SpaceX Successfully Launches Historic Mission To International Space Station
SpaceX has successfully launched four people into space for NASA.
The crew are part of a six-month-long journey to the International Space Station (ISS), which saw them take off from the Kennedy Space Centre in Florida, yesterday, November 15, at 7.27pm EST.
The four astronauts, known as Crew-1, were NASA’s Mike Hopkins, Victor Glover, and Shannon Walker, in addition to Japan’s Soichi Noguchi.
Crew-1 are the first of six planned operational missions to the ISS for NASA. The missions are designed to take four astronauts per trip for long-duration stays at the ISS.
This will mark Glover’s first flight, making him the first African American to take part in a long-duration mission on the ISS, reported Forbes.
The four astronauts will remain on the ISS for 180 days, meaning they won’t return to Earth until June 2021. Crew-1 will be joining NASA’s Kate Rubins and Russia’s Sergey Ryzhikov and Sergey Kud-Sverchkov, who arrived at the station on October 14.
Seven minutes after launching, it was confirmed the space craft – named ‘Resilience’ – had successfully separated from SpaceX’s Falcon 9 rocket. The craft has been named ‘Resilience’ as away of recognising the struggles the world has faced over the course of 2020.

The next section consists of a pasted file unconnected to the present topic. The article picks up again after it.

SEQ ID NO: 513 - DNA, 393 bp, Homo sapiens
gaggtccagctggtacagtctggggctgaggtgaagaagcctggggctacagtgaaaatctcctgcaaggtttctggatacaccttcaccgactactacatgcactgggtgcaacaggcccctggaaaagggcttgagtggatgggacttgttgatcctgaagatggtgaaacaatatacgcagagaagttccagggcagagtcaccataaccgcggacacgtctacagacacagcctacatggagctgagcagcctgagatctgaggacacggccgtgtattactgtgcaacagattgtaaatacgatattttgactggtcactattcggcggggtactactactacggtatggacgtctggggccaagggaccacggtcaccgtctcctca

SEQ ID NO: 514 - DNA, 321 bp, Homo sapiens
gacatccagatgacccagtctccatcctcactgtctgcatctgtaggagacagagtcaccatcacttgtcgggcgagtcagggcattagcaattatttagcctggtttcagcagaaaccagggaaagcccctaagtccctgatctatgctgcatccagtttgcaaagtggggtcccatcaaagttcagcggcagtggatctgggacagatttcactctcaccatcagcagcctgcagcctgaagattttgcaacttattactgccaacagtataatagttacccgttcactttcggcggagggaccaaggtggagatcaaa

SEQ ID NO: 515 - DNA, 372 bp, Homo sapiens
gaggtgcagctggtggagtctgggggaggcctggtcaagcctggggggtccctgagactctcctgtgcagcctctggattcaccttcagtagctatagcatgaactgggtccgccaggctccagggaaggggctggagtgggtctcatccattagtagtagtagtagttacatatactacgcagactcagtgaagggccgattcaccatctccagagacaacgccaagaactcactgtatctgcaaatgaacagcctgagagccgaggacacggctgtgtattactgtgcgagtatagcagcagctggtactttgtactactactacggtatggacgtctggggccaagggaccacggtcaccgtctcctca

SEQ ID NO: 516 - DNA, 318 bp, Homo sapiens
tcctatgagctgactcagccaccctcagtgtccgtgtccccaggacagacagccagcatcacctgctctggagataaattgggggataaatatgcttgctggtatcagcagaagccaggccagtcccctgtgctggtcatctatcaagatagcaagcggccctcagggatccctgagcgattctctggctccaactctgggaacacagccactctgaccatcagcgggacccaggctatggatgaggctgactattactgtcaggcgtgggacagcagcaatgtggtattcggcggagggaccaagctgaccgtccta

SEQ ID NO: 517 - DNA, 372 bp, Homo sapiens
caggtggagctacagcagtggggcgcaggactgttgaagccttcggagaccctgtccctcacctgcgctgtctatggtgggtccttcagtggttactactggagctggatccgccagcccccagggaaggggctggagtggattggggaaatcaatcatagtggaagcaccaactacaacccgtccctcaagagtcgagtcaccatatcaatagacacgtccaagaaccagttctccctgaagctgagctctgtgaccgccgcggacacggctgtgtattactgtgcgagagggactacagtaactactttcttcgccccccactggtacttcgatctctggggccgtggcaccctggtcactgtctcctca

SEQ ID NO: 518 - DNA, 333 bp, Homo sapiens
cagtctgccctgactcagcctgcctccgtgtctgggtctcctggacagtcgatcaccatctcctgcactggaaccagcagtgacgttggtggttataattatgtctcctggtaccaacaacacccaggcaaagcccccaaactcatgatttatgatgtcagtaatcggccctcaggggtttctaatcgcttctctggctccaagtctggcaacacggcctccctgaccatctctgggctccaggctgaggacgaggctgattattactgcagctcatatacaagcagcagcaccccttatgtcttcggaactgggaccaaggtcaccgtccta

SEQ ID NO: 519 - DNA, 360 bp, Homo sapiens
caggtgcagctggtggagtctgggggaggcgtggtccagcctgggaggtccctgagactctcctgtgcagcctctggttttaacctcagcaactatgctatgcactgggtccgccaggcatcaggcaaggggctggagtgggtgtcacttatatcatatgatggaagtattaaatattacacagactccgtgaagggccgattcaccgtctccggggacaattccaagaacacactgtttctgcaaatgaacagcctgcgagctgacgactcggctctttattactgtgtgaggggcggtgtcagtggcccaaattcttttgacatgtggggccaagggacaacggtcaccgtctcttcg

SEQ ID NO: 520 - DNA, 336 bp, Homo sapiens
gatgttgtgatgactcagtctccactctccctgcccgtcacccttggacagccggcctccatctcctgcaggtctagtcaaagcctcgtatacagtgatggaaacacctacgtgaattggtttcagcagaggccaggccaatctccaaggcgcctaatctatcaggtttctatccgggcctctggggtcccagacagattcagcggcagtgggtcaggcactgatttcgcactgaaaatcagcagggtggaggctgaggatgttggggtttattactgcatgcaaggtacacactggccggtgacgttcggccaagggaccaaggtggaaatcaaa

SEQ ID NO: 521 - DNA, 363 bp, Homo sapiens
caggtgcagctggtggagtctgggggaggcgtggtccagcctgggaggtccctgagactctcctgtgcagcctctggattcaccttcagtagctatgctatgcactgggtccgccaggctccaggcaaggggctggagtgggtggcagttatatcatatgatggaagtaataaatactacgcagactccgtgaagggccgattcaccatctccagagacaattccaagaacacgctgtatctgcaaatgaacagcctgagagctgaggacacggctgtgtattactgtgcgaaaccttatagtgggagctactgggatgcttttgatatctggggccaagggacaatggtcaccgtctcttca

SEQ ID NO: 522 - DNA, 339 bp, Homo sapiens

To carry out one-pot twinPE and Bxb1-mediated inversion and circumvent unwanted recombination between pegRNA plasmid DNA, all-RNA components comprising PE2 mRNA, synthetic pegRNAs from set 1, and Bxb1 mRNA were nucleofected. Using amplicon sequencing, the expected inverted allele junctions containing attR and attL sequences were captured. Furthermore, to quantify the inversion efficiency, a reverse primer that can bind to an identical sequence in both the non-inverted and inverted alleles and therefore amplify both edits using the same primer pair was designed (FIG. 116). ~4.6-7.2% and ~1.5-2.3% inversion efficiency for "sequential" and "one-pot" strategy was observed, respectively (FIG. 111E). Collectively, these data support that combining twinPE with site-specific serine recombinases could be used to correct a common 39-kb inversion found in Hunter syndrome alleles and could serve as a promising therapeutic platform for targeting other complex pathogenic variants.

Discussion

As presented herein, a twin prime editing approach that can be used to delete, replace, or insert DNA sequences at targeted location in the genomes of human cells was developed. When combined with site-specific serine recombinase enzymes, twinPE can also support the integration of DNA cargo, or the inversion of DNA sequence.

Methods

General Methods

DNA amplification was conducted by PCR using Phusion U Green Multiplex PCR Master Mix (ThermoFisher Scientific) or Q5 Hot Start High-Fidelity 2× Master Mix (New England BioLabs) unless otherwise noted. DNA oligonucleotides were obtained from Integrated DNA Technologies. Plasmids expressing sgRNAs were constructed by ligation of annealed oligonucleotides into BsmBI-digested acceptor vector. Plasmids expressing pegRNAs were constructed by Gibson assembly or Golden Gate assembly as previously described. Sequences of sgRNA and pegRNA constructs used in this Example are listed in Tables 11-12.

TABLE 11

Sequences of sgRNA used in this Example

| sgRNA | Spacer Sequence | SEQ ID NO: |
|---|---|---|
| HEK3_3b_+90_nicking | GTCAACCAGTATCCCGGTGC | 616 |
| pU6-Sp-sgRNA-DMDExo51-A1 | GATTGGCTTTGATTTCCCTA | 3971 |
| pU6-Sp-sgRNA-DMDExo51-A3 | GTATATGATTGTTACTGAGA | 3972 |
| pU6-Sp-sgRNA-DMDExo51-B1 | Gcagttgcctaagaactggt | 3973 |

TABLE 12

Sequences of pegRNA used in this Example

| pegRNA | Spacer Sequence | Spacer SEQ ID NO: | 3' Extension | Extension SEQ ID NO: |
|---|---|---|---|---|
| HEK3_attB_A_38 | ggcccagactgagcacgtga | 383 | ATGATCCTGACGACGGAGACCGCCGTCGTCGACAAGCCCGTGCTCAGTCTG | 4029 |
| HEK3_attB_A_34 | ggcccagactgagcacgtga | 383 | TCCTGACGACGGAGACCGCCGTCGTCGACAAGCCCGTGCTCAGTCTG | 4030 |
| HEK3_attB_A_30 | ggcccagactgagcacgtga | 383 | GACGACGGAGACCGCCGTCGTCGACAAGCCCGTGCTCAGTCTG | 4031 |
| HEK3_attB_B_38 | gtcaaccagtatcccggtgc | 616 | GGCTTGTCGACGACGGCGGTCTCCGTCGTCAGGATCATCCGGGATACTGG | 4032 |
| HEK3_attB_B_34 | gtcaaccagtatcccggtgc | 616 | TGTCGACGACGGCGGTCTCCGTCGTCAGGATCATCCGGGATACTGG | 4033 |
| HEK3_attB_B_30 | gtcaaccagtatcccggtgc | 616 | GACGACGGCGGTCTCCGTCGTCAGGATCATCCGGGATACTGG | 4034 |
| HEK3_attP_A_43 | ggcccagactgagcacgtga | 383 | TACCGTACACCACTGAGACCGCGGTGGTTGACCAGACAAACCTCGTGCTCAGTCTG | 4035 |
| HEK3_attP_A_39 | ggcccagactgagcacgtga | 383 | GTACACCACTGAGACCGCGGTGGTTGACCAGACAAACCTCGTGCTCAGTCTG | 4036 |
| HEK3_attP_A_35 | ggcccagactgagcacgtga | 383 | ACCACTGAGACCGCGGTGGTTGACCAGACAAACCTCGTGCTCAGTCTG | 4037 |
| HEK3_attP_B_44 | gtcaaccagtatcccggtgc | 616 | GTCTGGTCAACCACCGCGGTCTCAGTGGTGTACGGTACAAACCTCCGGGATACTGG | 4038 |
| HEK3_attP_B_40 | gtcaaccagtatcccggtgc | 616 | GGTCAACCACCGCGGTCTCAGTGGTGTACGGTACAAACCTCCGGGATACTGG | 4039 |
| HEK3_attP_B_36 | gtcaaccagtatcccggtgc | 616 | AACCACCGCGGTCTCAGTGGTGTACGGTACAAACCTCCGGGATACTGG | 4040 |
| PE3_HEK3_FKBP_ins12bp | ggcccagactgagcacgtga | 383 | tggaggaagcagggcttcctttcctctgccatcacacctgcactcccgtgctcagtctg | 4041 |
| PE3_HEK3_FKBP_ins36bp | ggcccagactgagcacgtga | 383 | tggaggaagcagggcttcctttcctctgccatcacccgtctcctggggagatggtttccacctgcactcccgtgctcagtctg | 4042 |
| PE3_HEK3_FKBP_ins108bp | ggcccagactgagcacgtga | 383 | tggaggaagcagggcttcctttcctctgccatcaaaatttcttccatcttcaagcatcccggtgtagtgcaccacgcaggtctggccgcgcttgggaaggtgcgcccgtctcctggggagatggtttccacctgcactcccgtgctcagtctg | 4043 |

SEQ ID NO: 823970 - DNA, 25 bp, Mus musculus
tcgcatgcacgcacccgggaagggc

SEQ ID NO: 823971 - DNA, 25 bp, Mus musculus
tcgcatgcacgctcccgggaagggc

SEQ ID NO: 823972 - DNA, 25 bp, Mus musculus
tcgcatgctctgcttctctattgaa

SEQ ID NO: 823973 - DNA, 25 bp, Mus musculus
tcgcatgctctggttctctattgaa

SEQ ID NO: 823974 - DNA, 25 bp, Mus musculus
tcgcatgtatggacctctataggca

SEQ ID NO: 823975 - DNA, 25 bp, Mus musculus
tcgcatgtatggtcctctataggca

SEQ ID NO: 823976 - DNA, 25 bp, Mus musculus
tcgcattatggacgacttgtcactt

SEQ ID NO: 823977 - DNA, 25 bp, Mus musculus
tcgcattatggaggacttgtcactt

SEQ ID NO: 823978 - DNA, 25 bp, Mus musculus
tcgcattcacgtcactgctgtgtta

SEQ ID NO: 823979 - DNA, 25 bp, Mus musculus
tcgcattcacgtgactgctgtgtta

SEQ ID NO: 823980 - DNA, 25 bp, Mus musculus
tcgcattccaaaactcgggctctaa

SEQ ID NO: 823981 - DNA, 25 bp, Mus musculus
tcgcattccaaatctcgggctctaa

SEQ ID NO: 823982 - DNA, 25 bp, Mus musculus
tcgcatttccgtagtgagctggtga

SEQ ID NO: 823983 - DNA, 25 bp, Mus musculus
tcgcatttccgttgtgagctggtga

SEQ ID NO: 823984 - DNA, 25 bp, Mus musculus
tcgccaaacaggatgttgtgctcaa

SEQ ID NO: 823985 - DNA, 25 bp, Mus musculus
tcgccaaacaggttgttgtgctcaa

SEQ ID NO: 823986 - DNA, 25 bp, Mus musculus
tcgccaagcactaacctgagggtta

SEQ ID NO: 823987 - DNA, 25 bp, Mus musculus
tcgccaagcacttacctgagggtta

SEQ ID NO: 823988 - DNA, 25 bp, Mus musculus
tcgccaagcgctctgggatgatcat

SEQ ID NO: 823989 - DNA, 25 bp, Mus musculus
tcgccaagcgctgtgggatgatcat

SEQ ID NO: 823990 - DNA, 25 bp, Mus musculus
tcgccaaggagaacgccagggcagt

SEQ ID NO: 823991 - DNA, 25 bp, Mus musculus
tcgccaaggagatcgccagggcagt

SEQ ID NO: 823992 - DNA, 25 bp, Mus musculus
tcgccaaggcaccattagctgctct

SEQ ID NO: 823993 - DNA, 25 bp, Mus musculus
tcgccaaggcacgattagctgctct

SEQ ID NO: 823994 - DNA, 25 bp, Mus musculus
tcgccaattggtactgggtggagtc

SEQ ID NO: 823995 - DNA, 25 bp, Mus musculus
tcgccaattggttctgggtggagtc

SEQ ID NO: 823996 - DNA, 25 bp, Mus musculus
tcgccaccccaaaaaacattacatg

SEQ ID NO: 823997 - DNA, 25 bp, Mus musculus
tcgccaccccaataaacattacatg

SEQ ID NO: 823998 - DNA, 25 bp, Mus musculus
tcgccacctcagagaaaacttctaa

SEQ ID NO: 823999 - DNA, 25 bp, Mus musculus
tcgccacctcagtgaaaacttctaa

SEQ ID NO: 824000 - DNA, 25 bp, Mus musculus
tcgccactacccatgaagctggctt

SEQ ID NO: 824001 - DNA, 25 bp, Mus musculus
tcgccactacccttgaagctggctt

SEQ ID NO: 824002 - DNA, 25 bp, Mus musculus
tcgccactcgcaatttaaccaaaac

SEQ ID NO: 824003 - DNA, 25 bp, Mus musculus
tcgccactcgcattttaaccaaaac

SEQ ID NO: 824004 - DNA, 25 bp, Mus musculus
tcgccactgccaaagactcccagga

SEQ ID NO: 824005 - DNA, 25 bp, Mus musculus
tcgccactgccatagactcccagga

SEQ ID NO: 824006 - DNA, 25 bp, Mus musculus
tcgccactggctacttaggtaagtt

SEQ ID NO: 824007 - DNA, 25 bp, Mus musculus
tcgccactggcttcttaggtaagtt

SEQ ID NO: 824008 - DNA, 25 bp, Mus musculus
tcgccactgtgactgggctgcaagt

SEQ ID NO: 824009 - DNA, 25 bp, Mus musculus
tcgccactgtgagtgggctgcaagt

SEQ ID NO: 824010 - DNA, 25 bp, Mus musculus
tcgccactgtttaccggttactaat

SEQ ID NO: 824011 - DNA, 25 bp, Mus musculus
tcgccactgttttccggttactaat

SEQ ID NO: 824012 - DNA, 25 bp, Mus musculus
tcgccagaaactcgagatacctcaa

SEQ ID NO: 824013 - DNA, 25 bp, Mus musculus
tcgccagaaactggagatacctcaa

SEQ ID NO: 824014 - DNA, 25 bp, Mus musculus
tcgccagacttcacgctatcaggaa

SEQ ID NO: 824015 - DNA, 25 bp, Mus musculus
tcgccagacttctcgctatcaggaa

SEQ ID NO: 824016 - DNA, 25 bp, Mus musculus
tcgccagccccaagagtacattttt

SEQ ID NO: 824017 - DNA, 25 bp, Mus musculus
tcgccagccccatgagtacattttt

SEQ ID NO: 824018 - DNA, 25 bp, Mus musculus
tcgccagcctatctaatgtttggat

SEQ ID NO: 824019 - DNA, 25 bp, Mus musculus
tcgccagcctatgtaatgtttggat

Following its success, President-elect Joe Biden congratulated the team on Twitter.
He wrote, ‘Congratulations to NASA and SpaceX on today’s launch. It’s a testament to the power of science and what we can accomplish by harnessing our innovation, ingenuity, and determination. I join all Americans and the people of Japan in wishing the astronauts Godspeed on their journey.’
While this is the second time Elon Musk’s SpaceX has sent a team into orbit with its Dragon capsule, yesterday marked the first operational flight for NASA. The first crewed flight took place in May, when SpaceX sent two astronauts on a trial run to the ISS.
NASA is now allowing commercial flights to taking astronauts to the ISS instead of government-funded spacecraft. SpaceX was granted a whopping $3.1 billion in funding to create Crew Dragon.
That’s not the only funding SpaceX have received from NASA recently. Last month, the tech firm were announced to be part of NASA’s Tipping Point programme, which will see the agency negotiate with the companies chosen to take part to ‘issue milestone-based firm-fixed price contracts lasting for up to five years’.
Several companies were chosen, with SpaceX receiving one of the highest grants of $53.2 million. The likes of Nokia will be given $14.1 million to exchange for developing a 4G network on the Moon.
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